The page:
Essential west London girl dons her boyfriend's vests and antique lingerie

The photographer David Bailey once said of the model Jean Shrimpton: "She was the most beautiful girl I'd ever seen."

At her Paris show yesterday, Stella McCartney used this voiceover to introduce her most confident collection yet.

The clothes had more in common with Saint Tropez in the 1970s than Swinging London in the Sixties: picture a golden-skinned girl slipping on nothing more than a white lawn cotton dress with tiered, ankle-length skirt and still stealing the limelight; or how about her boyfriend's vest and a full, layered white muslin skirt.

The tailoring she has become known for came this time in black, white and pale grey. Oversized, mannish trousers looked great with an equally roomy waistcoat over a crisp cotton shirt or with a shrunken jacket that emphasised the slender torso. Then came the lingerie-inspired pieces that have become a McCartney signature.

Petticoat dresses, camisole tops and even French knickers all made an appearance for women who would rather pay designer prices for such flights of fancy than trawl the market stalls and buy the originals second-hand.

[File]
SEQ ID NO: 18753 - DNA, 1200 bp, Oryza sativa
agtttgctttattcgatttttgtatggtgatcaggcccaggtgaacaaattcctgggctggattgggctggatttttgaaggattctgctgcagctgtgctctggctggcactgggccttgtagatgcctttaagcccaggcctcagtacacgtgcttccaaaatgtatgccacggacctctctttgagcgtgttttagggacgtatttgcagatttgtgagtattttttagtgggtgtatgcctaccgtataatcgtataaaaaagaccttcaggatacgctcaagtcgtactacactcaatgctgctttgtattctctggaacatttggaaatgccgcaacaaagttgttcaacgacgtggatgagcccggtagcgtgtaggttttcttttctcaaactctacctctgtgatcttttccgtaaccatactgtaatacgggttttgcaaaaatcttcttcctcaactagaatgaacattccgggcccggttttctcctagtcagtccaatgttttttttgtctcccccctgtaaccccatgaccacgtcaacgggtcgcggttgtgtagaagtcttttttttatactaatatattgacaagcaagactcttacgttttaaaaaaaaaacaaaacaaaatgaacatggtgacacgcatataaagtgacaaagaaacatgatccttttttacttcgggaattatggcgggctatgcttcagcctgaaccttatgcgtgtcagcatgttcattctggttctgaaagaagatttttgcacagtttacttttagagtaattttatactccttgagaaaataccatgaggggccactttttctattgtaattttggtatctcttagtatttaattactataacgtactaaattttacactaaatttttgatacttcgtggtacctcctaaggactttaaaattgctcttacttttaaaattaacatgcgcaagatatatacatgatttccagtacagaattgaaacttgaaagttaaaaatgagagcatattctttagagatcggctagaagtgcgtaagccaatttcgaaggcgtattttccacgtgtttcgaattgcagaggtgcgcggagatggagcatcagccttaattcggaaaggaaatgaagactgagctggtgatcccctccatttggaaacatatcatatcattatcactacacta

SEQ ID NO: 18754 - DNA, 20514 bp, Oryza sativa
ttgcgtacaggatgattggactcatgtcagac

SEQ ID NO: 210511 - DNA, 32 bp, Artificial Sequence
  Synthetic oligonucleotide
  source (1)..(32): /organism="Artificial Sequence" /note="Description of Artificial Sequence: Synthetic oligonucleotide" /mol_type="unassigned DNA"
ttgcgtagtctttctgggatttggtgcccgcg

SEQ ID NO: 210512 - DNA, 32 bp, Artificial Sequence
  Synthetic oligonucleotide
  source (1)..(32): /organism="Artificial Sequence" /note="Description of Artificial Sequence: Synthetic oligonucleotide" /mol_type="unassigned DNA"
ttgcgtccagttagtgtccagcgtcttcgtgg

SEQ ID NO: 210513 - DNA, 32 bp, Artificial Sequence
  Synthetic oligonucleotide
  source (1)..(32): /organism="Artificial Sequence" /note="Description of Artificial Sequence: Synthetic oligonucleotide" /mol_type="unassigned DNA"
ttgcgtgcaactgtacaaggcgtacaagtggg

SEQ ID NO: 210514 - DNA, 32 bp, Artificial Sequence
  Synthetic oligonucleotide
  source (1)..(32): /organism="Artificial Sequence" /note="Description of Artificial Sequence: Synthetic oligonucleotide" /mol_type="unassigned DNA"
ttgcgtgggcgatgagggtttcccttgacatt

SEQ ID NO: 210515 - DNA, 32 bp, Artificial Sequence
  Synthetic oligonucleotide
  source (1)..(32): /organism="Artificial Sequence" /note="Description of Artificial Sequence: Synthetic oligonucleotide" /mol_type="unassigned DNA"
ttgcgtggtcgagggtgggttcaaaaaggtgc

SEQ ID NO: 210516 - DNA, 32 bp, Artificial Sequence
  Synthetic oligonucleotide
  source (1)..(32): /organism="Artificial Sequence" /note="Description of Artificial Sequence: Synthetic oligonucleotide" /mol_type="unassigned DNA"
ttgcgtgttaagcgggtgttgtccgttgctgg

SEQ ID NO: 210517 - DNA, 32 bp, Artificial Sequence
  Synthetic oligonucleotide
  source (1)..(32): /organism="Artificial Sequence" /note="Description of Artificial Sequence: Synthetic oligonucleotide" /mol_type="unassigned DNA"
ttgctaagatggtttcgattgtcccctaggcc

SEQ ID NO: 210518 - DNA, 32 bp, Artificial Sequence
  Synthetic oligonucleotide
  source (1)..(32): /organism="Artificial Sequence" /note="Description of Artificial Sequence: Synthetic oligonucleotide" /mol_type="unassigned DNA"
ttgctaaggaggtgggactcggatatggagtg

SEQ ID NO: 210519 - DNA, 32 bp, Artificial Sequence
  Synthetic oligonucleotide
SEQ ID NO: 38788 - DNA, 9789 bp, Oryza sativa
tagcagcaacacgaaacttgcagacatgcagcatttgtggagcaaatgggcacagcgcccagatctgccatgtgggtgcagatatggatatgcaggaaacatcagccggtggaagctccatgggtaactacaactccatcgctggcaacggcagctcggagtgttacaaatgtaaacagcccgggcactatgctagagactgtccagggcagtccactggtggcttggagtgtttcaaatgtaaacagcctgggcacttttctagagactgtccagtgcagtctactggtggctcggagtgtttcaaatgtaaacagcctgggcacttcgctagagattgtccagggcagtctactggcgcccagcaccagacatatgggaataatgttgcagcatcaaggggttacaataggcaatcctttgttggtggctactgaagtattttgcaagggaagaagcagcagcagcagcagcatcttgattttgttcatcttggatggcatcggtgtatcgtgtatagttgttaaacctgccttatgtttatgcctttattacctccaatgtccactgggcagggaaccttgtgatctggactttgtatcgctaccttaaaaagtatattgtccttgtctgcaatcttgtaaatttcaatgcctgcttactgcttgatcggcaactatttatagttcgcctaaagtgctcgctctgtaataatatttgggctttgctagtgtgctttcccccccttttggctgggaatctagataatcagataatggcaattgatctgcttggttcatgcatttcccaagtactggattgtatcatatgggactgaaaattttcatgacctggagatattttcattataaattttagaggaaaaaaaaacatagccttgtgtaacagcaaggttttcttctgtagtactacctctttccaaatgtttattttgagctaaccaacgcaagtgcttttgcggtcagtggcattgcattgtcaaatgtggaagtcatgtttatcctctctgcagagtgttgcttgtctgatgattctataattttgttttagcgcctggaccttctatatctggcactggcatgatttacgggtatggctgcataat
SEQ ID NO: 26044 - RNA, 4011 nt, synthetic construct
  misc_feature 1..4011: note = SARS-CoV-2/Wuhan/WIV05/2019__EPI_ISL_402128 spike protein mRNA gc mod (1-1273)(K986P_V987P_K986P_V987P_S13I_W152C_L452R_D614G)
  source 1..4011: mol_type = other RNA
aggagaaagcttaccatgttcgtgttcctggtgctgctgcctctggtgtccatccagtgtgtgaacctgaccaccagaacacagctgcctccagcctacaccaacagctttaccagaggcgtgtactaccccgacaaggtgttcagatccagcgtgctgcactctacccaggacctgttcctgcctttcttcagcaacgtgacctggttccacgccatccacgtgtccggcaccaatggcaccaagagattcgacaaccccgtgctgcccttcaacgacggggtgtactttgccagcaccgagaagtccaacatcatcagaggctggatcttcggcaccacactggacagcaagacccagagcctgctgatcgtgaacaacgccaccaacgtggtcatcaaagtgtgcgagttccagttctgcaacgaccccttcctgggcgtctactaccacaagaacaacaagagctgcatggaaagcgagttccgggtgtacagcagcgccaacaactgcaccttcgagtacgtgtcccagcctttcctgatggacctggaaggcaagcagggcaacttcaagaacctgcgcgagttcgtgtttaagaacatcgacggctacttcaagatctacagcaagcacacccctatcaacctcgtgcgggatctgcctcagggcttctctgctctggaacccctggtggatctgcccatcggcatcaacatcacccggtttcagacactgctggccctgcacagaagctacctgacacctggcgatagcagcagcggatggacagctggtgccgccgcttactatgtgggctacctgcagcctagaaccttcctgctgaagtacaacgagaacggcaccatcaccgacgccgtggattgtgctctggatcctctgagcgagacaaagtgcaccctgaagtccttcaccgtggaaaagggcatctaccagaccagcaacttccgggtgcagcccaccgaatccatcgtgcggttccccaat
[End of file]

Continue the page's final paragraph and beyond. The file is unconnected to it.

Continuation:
Of course, McCartney is not the only designer to plunder vintage treasures for inspiration - everyone from John Galliano to Marc Jacobs is in on that act. McCartney is better placed for it than most, however. She is, after all, the quintessential west London girl and she wears the style well herself. For evening, crystal-trimmed dresses in pale aqua were more attention-seeking, although still part of a modern and entirely relaxed mood.

The Belgian designer Dries Van Noten celebrated his 50th fashion show the previous evening with a collection paraded on probably the world's longest banquet table. In a monolithic disused factory building, guests filed in to take their seats and were served a chandelier-lit dinner before the lights went down and models took to the linen-clad table in this season's designs.

These were typically opulent mixes of floral and ethnically inspired embroideries and bold print, strewn across dirndl and pencil skirts, fluttering silk dresses and shirts and loosely structured but always feminine tailoring. Colours were typically luscious. Complimenting signature neutrals were rose pink, fern green, duck-egg blue and deep ruby, as well as more sun-bleached shades, from primrose to a deep blush.

Van Noten is a fashion original: he refuses to advertise, relying instead on the fact that he has a hugely loyal clientele. It is a formula that works well: his clothes are bestsellers at department stores the world over. The fashion show, according to Van Noten, is all that's needed to market his product. Suffice it to say, then, that the message sent out by this most recent showing in Paris should do his business no harm.

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